Starring: Jason Statham, James Franco, Winona Ryder & Kate Bosworth
Directed by: Gary Fleder
Distributed by: Lionsgate Films
Release Date: December 2013
Running Time: 100 mins
Synopsis: Following the death of his wife, former drug enforcement officer Phil Broker moves to a quiet town with his young daughter, hoping to give her a better life. However, their peaceful existence is short-lived when Broker learns of the violence and dodgy dealings corrupting the town at the hands of local drug boss Gator Bodine. Broker soon finds himself fighting to protect both his daughter and the town.
Adapted from the novel of the same name by Chuck Logan, Homefront was a screenplay written by Sylvester Stallone for himself to star in but he ultimately passed it onto his The Expendables co-star Jason Statham instead. Statham has been typically associated with high-octane, frenetic action-thrillers such as Crank, The Transporter and The Mechanic, but with Homefront, he adopts a much slower pace as retired DEA agent Phil Broker, as he attempts to lie low with his daughter in the town that his dead wife grew up in. With plenty of enemies in his rear-view mirror after his time undercover, Broker attempts to keep a low-profile in the Louisiana town, but a fight between his tomboy daughter and the school bully begins a chain of events that unravel his former identity.
Much of the film hinges on Statham’s attempts to keep his lid on his past as he gets embroiled in the realities of Deep South family feuds and deadly grudges. There is almost a Shakespearean quality to the escalation of events as Broker’s daughter Maddie inadvertently sets into motion the events of the movie when she beats up the school bully. This leads to her parents getting involved, then the local law enforcement, then the local drug-dealer, until Broker reappears on the radar of his former enemies from his DEA days. The only issue is that this chain of events takes up the majority of the film and feels predictable and inevitable from the outset and I kept thinking that if Statham ate a bit of humble pie earlier in the film, he could have prevented the whole thing from happening.
Jason Statham plays the role almost identically to any other film he has been in, mumbling his way through the dialogue to the point where I had to turn the sound up just to catch what he said. He has a very dry sense of humour, but lacks any real sense of charisma or charm. The scenes between him and his daughter are okay, but he just appears disinterested and almost resigned to his fate. James Franco injects a bit more life into proceedings as the main antagonist, although he is resigned to looking creepy and having awkwardly gratuitous sex scenes with Winona Ryder than posing any real physical threat to Statham. However, Franco does creepy extremely well and there is an unpredictability to his behaviour that livens up the film when he is on-screen. Equally, Kate Bosworth shines as his drug-addicted sister who is the catalyst behind his involvement and the subsequent escalation of threats and violence. She managed to turn from an annoying crack head to an almost sympathetic character throughout the film, and deserved some more time to flesh out her role.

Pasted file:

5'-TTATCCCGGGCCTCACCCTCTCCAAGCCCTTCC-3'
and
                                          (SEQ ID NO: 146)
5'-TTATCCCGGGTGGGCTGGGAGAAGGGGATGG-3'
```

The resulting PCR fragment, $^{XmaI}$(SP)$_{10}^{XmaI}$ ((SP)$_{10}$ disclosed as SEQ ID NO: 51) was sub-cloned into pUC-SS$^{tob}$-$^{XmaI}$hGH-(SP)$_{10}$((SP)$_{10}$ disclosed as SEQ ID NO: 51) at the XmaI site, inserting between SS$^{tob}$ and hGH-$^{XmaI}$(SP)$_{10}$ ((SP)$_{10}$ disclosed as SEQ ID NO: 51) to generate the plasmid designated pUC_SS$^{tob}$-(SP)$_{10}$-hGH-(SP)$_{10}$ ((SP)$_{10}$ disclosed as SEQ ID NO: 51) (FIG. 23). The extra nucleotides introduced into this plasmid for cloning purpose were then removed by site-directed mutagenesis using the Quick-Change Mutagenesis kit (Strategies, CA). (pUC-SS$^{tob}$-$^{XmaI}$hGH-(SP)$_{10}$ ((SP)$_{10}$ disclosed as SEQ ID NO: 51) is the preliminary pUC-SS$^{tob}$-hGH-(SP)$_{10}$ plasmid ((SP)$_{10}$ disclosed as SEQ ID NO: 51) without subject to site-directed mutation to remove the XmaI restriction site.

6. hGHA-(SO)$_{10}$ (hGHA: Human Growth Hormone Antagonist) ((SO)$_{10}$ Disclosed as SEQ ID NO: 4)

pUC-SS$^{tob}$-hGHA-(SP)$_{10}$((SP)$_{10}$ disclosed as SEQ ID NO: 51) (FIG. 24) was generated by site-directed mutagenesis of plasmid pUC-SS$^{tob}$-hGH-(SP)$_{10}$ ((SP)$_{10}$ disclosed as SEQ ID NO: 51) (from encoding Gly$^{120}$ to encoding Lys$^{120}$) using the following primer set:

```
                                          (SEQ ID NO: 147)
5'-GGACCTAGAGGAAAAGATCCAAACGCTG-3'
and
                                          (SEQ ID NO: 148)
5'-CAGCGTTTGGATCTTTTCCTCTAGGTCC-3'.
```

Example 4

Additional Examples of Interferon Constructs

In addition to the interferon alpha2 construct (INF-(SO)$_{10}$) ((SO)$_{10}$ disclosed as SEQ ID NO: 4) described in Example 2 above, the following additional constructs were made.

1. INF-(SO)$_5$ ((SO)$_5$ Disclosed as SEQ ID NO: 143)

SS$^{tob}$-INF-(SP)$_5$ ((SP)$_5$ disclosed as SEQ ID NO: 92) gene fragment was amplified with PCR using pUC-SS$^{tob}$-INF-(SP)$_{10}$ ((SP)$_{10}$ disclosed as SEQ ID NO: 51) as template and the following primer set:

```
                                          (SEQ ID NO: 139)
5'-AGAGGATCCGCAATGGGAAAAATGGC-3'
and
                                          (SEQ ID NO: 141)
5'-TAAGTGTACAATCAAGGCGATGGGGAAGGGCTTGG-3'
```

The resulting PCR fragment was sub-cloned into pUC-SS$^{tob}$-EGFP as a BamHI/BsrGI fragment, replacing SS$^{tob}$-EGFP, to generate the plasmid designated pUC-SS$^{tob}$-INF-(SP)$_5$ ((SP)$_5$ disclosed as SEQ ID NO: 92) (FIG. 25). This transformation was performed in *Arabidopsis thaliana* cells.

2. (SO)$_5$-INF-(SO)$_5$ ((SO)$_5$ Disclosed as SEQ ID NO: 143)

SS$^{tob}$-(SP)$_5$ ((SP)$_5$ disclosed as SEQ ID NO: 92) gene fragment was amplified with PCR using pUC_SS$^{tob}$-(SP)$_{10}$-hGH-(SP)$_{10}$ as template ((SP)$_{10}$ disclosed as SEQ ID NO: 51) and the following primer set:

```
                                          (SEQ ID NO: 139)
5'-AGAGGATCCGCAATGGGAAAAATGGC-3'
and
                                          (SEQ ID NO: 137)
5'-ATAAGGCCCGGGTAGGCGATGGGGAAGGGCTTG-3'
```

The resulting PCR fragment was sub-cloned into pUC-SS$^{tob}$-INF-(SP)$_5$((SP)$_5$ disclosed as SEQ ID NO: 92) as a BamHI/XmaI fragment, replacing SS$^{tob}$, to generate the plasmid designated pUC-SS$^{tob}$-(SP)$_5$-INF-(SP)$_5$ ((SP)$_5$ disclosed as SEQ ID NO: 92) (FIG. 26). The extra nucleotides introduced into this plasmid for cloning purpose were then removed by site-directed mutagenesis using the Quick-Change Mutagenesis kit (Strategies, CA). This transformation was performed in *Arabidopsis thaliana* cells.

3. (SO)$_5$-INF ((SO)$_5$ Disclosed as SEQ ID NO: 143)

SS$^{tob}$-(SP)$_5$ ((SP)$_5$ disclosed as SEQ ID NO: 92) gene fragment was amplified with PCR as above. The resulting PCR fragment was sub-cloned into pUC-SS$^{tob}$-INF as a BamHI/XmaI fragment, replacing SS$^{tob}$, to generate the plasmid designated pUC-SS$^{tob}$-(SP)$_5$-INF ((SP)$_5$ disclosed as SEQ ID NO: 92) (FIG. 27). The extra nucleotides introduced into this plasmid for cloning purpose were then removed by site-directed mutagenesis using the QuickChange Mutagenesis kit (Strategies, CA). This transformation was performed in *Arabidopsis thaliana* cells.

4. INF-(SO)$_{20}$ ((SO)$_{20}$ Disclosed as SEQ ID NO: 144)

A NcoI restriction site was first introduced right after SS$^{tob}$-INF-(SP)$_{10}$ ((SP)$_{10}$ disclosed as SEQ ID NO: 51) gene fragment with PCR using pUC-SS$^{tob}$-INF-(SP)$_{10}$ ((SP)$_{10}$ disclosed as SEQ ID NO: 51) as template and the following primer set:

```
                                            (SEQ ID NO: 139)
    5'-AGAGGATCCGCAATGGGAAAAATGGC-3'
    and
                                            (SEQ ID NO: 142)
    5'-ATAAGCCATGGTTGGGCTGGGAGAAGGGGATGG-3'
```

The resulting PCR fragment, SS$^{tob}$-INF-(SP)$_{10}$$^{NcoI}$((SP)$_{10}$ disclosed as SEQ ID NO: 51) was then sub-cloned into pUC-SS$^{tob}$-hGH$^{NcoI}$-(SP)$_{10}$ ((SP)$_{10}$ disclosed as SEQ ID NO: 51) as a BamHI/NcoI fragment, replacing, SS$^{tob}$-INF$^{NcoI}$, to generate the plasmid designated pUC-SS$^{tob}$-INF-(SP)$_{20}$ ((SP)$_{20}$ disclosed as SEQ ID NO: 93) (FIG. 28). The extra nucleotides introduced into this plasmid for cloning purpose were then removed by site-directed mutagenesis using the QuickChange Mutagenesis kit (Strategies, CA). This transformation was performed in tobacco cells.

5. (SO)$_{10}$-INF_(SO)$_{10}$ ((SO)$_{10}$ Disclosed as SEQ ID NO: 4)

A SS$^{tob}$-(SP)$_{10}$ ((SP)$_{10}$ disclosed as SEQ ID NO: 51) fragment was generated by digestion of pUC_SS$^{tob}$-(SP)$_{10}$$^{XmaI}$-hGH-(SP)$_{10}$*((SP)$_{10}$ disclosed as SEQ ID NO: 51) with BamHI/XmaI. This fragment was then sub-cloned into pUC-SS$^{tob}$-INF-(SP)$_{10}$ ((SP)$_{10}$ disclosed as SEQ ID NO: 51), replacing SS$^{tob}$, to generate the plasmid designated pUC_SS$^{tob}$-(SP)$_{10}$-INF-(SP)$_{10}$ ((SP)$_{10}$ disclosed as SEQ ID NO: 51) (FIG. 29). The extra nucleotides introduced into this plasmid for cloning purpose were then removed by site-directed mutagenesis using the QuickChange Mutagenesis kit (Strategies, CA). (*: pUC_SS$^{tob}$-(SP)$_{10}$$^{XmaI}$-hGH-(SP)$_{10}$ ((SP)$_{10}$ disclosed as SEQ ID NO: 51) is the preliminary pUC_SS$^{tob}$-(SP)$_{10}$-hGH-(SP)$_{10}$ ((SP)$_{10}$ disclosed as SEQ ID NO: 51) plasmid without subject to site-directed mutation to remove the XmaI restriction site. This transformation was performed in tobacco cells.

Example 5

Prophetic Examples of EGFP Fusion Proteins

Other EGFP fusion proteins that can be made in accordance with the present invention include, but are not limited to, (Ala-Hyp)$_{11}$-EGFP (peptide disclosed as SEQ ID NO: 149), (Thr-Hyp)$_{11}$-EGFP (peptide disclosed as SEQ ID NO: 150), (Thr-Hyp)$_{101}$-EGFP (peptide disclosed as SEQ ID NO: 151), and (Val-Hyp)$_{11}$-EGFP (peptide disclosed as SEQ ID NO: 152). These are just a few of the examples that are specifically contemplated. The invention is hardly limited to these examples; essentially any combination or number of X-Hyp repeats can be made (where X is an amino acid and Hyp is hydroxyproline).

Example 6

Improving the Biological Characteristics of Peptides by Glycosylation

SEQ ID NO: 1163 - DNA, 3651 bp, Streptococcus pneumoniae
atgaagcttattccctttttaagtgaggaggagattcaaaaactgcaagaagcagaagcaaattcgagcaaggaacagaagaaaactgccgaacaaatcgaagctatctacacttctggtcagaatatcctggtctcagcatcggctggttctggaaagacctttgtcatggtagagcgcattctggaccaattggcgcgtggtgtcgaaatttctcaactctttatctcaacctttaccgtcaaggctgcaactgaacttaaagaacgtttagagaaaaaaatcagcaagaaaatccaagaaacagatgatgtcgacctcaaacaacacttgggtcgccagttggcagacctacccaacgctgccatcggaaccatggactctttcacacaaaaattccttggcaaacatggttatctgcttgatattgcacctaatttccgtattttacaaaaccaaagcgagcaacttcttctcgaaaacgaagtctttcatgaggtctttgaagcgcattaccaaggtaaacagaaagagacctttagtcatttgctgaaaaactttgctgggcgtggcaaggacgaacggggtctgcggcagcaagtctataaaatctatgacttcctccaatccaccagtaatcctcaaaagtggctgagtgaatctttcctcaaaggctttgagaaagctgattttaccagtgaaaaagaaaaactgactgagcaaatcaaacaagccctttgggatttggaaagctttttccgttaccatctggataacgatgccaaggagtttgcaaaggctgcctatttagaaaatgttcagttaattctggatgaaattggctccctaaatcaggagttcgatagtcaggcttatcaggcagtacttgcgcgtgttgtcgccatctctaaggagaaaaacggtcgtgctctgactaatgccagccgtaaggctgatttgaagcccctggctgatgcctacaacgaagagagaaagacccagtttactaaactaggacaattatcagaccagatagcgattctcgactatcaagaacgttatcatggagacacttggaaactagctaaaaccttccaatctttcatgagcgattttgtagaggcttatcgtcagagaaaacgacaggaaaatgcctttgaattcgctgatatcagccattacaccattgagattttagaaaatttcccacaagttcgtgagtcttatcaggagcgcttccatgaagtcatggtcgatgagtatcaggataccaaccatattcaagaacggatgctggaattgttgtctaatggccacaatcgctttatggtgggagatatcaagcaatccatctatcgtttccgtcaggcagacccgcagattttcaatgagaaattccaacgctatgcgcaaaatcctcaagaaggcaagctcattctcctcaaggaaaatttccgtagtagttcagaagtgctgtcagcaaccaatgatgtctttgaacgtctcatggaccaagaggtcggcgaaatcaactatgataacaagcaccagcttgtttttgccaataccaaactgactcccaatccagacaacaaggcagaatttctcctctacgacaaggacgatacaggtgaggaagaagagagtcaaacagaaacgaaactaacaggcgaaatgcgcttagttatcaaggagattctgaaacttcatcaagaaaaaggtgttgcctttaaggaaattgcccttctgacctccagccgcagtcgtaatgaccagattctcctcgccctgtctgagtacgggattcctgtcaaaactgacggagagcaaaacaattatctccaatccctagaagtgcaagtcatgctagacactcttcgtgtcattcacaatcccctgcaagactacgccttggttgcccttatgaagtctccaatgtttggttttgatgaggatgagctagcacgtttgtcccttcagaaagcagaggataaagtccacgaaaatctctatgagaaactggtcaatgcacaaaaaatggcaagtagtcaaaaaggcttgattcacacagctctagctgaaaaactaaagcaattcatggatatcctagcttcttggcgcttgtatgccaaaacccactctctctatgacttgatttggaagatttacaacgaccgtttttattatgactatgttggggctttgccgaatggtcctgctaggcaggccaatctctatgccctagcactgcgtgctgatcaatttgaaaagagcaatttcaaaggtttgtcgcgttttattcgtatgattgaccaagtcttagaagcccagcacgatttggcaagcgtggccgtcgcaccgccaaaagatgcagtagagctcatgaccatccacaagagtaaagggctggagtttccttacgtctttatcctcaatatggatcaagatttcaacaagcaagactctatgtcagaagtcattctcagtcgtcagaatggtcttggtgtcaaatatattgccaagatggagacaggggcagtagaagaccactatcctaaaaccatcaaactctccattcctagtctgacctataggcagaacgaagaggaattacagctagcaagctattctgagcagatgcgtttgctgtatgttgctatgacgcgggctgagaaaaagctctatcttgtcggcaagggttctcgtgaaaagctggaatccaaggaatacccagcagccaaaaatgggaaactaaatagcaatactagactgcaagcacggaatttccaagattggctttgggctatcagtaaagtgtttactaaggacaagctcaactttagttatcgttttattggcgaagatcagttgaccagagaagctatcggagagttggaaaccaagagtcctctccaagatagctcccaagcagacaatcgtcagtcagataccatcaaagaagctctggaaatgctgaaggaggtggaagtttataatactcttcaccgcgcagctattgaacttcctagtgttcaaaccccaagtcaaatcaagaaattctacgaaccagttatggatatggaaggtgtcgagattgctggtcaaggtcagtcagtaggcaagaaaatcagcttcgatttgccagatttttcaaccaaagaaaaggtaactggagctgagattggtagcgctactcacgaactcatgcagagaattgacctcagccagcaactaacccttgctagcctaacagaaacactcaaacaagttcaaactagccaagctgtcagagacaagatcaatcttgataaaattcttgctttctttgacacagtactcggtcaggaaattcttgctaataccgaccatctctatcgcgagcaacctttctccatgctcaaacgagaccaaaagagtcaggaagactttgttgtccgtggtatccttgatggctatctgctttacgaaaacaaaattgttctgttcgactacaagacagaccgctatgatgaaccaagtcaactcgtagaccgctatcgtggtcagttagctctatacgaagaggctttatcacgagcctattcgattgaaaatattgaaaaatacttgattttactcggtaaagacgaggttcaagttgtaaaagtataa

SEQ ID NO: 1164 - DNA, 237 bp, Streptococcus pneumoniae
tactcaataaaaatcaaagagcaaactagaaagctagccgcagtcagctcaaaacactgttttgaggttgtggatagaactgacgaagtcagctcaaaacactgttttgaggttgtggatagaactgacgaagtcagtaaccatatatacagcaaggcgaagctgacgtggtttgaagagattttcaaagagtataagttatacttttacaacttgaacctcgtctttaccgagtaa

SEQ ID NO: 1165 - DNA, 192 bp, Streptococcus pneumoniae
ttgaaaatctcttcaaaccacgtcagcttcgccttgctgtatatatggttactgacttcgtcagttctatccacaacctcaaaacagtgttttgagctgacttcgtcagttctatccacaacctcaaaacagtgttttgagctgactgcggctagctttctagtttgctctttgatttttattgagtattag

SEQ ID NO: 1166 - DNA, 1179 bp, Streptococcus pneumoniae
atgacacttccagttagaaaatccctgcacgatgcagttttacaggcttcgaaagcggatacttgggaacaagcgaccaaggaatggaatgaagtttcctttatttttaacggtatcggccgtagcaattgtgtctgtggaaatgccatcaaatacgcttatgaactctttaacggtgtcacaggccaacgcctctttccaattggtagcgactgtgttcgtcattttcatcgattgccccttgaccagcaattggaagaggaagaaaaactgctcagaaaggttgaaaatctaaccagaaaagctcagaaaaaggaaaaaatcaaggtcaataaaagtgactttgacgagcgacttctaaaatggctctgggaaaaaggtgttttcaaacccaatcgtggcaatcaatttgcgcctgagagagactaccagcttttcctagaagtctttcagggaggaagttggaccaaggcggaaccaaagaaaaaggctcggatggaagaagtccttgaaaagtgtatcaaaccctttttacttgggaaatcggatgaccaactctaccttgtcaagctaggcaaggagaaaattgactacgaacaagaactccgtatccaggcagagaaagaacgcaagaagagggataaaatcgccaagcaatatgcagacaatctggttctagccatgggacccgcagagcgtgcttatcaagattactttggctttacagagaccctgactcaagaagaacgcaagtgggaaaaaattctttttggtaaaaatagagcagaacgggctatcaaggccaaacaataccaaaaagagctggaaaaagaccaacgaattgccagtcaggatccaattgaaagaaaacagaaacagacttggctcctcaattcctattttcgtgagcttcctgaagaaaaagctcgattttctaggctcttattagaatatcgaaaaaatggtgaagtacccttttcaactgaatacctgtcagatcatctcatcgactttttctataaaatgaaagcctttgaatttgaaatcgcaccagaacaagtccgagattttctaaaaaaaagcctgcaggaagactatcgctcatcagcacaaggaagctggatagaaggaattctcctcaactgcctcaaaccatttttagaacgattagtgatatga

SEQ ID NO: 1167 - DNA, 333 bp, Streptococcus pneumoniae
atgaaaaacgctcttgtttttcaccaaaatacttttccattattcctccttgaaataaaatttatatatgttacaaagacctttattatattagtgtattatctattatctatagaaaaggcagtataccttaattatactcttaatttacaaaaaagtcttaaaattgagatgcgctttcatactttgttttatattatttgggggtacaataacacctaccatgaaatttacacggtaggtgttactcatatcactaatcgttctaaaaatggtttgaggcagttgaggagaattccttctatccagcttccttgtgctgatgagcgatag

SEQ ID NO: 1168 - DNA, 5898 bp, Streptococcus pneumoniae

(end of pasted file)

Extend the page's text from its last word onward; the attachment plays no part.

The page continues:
The explosive action sequence at the top of the film serves to satisfy the adrenaline junkies before the film embarks on a slower pace that feels more like a thriller than an action movie. Director Gary Fleder manages to capture the natural distrust of strangers prominent in the Deep South of America and leverages that unease of not belonging. Perhaps with a different actor – one with less action movie credits to his name – the film would have maintained its tension better, but Statham’s cool demeanor and his ability to ‘handle himself’ make him more than a match for the residents of his town. It is only when the bikers appear with their heavy weaponry and almost military-esque movements that it feels like Broker might be at risk. It would have been interesting to see what the film would have been like with a current-day Stallone in the role, although I guess it would have been a bit too distracting to see a sixty-something man with an eight-year old daughter.
Another curious element of Homefront is the way the film has been marketed in different countries. The DVD and Blu-Ray releases of the film in America feature the US flag emblazoned on the back of Statham’s jacket, but other versions of the film lack this patriotic Photoshop flourish. Even the name Homefront implies some kind of American pride, but it doesn’t really connect with the subject matter at all – aside from the sequence where Statham (with a British accent) protects his home against drug-dealing American bikers. Not quite what the name Homefront conjures up when you hear it – I was expecting something more military-focused, with an emphasis on protecting land against outsiders. However, Statham is the outsider here – both in terms of his nationality (a British actor in America) and the character’s relocation from the city to a small town in Louisiana.
The film itself isn’t necessarily good or bad, it just exists. There’s no real standout action sequences that linger in the mind, although the brief confrontation at the gas pump is arguably the film’s highlight. Statham doesn’t command the same screen presence as his Hobbs & Shaw co-star, The Rock, and having watched this film after seeing Skyscraper the previous week, it certainly shows. There are some nice performances from Franco and Bosworth, but the film lacks any real spark to distinguish itself from any of the other mid-budget action movies of the past decade. If you have an interest to see Jason Statham kicking ass, I’d recommend one of his more fluid and energetic action movies like Crank or The Transporter. If you want to see a slower-paced thriller that doesn’t quite thrill, then Homefront will scratch that rather specific itch for you.